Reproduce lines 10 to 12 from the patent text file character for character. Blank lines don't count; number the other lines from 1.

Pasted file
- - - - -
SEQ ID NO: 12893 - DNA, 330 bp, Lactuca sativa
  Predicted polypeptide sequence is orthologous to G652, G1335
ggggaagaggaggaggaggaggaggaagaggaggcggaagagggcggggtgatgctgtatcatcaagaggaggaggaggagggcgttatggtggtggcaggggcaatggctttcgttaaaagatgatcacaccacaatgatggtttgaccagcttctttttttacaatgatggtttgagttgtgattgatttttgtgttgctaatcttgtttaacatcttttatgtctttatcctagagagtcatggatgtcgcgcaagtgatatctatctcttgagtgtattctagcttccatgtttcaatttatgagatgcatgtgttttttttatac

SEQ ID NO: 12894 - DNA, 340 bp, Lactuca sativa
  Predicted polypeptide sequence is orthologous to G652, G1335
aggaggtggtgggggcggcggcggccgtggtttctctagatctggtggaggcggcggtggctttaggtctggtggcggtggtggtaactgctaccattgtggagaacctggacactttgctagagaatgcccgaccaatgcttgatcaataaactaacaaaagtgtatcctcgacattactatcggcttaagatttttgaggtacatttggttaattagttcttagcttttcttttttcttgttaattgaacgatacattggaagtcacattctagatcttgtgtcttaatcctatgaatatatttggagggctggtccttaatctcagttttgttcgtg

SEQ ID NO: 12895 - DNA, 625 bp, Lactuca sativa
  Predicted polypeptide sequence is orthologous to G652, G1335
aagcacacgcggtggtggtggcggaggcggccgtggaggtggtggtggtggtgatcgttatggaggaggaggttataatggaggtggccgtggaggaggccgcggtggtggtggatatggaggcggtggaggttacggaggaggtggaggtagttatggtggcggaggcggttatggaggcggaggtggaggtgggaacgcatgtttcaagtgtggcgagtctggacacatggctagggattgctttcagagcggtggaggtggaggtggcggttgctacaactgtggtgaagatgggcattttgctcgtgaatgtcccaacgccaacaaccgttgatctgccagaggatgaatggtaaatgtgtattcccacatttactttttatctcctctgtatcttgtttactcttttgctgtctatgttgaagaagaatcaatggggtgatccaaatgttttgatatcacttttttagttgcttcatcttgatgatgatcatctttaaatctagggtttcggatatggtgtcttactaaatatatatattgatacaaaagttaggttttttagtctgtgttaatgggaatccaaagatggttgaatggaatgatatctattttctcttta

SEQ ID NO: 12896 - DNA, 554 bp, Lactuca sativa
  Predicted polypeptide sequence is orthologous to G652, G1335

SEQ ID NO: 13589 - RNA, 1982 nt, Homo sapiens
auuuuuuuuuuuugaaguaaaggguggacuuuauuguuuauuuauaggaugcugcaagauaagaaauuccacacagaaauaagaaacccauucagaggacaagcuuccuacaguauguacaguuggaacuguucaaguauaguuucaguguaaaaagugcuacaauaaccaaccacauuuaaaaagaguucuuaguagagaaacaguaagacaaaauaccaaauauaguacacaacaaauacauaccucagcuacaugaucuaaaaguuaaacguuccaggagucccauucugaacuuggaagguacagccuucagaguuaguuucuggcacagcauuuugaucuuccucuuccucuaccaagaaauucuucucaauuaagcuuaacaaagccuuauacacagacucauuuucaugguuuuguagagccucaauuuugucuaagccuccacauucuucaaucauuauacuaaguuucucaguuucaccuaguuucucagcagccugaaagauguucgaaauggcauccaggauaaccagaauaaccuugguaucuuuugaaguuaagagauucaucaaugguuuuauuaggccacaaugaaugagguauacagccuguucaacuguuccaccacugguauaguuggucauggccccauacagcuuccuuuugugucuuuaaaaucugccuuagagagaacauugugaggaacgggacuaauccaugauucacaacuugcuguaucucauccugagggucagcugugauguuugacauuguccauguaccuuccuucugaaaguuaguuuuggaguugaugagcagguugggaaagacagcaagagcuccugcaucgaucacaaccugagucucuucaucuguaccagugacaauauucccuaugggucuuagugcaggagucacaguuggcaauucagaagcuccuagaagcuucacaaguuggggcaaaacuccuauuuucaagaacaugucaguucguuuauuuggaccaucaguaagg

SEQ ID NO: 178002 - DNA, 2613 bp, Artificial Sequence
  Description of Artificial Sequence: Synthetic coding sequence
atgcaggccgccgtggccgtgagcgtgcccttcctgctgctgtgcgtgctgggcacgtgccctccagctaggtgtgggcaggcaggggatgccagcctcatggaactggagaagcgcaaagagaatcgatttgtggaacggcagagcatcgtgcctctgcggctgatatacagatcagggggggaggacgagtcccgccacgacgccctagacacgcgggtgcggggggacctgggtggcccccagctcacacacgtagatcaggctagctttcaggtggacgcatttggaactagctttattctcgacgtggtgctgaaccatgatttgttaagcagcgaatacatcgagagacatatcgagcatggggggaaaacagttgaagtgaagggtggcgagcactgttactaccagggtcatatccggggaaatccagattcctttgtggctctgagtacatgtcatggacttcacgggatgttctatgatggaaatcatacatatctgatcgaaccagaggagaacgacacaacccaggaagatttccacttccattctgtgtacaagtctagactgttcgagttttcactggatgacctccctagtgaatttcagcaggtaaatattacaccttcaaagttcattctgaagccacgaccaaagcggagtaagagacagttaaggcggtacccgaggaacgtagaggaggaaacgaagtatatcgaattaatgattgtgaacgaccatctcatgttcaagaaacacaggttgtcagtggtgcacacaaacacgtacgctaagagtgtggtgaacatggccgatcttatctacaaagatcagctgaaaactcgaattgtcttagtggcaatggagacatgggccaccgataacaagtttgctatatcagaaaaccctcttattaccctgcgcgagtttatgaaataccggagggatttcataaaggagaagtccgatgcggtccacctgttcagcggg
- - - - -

SEQ ID NO: 12896 - DNA, 554 bp, Lactuca sativa
  Predicted polypeptide sequence is orthologous to G652, G1335

SEQ ID NO: 13589 - RNA, 1982 nt, Homo sapiens